Urinary Biomarkers Can Help to Predict Peri-Implant Osteolysis

A urine sample in a laboratory
A urine sample in a laboratory
Investigators compared biomarkers in patients who eventually developed radiographic osteolytic lesions to those who did not.

Patients with total hip replacements should submit to annual urinary biomarker testing to detect their risk of developing osteolysis or to identify ongoing peri-implant osteolysis before significant bone loss occurs (indicating poorer outcomes for revision surgery), according to a study published in the Journal of Orthopaedic Research.

This study sought to characterize urinary biomarkers that could identify total hip replacement patients who eventually develop peri-implant osteolysis, for which revision surgery is the primary treatment. The study sample included 26 patients who underwent primary total joint replacement surgery between 1989 and 1997 and received regular radiographic evaluations. Repositories of 24-hour urine samples were obtained for the participants at diagnosis, before and after surgery, and annually thereafter for 6 years.

Of the 26 participants, 16 developed peri-implant osteolysis; patients were matched between the osteolysis and the non-osteolysis groups according to post-implantation times. Urine samples were tested for 7 biomarkers: free deoxypyridinoline, cross-linked N-telopeptides, interleukin-6, interleukin-8, osteoprotegerin, α-crosslaps, and β-crosslaps.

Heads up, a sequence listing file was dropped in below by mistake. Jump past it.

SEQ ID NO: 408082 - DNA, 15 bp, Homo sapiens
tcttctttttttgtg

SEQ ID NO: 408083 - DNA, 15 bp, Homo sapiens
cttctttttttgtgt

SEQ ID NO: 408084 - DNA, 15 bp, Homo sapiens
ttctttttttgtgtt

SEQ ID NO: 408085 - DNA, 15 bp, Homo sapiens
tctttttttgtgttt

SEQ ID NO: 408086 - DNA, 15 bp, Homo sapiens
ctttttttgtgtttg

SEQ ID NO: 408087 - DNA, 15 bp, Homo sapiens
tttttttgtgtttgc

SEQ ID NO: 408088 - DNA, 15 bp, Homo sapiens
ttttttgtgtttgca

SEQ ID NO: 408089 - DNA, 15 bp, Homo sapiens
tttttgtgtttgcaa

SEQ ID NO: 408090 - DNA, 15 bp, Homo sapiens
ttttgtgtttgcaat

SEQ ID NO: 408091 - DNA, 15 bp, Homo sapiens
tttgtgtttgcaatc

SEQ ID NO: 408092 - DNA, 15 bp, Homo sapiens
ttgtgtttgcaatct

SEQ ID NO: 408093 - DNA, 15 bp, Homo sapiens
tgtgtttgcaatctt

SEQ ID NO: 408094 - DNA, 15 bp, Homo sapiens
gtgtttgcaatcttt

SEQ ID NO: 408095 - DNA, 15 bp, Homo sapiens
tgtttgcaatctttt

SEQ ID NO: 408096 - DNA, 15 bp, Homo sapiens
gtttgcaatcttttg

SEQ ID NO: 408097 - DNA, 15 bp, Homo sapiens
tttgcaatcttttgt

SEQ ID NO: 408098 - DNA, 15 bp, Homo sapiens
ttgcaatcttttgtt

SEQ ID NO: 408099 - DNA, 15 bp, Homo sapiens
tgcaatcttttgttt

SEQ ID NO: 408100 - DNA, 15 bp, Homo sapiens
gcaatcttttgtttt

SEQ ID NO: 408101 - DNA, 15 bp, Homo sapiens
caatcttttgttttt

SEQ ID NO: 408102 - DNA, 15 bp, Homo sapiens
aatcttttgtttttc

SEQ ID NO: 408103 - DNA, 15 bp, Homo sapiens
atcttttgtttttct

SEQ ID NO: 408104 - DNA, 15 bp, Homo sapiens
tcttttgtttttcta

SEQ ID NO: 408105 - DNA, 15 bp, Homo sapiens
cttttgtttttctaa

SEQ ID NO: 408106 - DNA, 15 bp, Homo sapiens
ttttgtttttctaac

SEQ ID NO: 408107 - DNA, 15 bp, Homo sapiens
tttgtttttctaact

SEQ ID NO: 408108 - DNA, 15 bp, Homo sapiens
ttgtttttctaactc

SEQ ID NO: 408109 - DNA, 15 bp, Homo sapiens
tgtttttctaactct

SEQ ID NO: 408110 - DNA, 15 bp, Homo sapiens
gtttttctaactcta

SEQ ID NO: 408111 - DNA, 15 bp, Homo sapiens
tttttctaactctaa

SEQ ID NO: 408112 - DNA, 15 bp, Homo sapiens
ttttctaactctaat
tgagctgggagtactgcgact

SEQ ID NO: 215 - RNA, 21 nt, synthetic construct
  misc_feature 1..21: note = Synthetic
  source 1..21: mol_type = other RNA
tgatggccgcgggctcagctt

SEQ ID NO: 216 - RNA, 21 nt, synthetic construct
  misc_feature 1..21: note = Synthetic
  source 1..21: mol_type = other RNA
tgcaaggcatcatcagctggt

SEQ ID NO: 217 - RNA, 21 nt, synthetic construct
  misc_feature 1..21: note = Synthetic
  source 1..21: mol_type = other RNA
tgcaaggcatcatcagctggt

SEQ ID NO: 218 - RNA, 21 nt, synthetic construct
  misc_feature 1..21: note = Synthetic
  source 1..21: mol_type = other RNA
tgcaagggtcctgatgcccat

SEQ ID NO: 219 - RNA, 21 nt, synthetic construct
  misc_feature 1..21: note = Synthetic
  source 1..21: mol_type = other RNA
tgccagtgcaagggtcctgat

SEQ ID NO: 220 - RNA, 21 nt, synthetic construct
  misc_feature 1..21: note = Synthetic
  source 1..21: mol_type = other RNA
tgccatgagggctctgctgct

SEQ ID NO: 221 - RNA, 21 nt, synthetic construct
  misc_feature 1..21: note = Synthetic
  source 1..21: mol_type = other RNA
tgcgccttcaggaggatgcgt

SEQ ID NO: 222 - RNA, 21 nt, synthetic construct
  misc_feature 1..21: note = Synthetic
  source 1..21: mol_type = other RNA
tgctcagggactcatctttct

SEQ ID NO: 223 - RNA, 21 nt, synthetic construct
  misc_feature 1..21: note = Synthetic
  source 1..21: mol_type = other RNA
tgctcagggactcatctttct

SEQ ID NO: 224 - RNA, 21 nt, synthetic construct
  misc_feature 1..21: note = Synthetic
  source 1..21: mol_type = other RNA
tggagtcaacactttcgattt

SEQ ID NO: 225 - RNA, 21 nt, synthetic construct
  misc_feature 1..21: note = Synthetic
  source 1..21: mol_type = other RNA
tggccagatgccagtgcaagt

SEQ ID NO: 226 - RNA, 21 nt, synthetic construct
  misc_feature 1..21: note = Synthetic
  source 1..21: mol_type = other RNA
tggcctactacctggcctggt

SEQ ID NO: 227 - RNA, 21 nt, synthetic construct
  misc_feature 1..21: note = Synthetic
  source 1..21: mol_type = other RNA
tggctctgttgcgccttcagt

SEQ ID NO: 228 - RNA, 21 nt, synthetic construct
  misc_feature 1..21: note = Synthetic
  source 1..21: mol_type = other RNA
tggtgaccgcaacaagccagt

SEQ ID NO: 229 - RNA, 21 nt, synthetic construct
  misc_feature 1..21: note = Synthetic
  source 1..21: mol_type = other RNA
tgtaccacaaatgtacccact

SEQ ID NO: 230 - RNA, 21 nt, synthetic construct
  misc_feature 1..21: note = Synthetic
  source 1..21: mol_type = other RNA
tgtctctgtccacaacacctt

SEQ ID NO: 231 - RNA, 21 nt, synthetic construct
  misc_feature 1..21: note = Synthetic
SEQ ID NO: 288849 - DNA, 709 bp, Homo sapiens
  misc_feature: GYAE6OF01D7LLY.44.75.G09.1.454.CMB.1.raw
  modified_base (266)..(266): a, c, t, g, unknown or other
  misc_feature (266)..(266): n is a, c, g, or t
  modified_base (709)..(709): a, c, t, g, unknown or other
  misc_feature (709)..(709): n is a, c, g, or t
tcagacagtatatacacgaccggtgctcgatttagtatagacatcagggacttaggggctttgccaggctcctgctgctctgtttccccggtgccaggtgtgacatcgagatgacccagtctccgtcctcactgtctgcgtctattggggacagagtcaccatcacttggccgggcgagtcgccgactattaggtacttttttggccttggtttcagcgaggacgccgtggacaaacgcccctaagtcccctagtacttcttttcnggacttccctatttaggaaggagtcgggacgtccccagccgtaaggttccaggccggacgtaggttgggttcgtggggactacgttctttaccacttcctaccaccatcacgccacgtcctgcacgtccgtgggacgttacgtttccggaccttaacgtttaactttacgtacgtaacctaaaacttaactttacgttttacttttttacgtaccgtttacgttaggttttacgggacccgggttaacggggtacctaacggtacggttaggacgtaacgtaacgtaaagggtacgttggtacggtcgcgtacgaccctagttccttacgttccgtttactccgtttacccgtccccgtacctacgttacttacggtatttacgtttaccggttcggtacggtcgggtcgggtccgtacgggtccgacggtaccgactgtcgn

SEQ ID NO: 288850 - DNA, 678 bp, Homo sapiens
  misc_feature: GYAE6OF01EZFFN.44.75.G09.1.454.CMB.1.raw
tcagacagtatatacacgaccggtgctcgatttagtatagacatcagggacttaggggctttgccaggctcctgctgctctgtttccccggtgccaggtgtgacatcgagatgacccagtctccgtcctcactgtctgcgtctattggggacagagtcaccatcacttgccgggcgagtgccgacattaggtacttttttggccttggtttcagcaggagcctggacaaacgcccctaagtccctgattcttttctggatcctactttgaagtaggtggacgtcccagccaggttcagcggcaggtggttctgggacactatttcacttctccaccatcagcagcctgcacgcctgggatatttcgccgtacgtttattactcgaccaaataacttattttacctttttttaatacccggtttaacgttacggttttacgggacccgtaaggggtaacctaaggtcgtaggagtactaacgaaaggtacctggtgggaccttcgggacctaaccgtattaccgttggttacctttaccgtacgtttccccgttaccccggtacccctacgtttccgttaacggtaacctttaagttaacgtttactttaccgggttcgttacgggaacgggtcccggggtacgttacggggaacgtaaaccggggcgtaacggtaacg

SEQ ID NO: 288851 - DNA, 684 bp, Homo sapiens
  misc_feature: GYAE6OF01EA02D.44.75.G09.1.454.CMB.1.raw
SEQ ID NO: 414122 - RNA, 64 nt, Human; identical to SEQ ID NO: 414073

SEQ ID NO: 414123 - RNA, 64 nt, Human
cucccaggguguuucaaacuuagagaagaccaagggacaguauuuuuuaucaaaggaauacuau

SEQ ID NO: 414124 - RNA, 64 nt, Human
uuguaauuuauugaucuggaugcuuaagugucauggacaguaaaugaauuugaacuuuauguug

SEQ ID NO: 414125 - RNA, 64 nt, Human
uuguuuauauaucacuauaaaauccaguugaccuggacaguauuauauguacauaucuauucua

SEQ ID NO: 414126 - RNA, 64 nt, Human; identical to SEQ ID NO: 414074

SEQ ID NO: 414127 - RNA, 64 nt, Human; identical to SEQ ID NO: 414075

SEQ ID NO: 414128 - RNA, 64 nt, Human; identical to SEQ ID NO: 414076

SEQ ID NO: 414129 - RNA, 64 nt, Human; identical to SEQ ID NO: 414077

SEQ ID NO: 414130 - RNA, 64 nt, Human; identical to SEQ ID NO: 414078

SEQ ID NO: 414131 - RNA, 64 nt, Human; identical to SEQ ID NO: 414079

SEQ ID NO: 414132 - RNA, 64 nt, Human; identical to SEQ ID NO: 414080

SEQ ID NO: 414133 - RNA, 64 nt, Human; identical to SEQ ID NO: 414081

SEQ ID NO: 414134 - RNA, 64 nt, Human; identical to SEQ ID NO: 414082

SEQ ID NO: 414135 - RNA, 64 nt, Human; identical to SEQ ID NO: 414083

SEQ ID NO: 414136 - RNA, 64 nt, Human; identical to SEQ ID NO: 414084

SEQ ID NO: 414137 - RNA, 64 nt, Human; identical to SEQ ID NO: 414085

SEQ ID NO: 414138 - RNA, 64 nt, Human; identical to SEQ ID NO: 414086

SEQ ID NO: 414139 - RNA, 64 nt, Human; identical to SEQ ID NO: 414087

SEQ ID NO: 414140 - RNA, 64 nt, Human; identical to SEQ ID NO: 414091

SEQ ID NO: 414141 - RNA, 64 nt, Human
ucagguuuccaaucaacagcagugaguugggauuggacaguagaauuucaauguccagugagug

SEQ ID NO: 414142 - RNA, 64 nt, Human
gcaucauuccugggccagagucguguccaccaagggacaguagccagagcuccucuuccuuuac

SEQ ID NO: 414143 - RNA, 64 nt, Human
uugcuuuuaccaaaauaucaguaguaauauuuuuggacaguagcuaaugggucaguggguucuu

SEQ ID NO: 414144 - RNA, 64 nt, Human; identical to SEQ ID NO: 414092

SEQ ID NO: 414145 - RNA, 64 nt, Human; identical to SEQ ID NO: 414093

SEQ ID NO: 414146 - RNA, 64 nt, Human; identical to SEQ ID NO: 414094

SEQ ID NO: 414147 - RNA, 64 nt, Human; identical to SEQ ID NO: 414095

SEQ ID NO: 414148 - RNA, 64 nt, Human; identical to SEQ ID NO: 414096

Significantly depressed levels of α-crosslaps and interleukin-6 were detected in the pre-operative panels for the osteolysis group compared to the non-osteolysis group; however, differences in post-operative concentrations varied. Deoxypyridinoline levels were lower in the osteolysis group vs the non-osteolysis group in post-operative samples, as well as at 2 and 6 years prior to diagnosis.

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As an individual biomarker, deoxypyridinoline demonstrated the greatest ability to predict osteolysis with the highest area under the curve in Receiver Operating Characteristic analyses. Osteoprotegerin, cross-linked N-telopeptides, interleukin-8, and β-crosslaps did not reveal differences between the study groups at any post-operative time point.

Limitations of the study included a small sample size, and further research using independent cohorts is required to validate the study findings. Missing values at various time points in the follow-up period were addressed by normalizing biomarker measurements to the pre-operative value. Finally, patients that had variable implant designs and heterogeneous implant materials could have impacted the results.

The identification of specific non-invasive biomarkers or biomarker panel can be used to detect ongoing peri-implant osteolysis before the emergence of radiographic symptoms or serve as a clinical risk factor before significant bone loss occurs. This finding further demonstrates the importance of detecting pre-existing factors that lead to subsequent osteolysis.  Researchers wrote, “the combination of α-CTX, a bone resorption marker, and IL-6, an inflammatory marker, lead to high accuracy in the differentiation of patients who eventually developed peri-implant osteolysis from those with no signs of osteolysis.”


Ross RD, Deng Y, Fang R, Frisch NB, Jacobs JJ, Sumner DR. Discovery of biomarkers to identify peri-implant osteolysis before radiographic diagnosis [published online June 5, 2018]. J Orthop Res. doi: 10.1002/jor.24044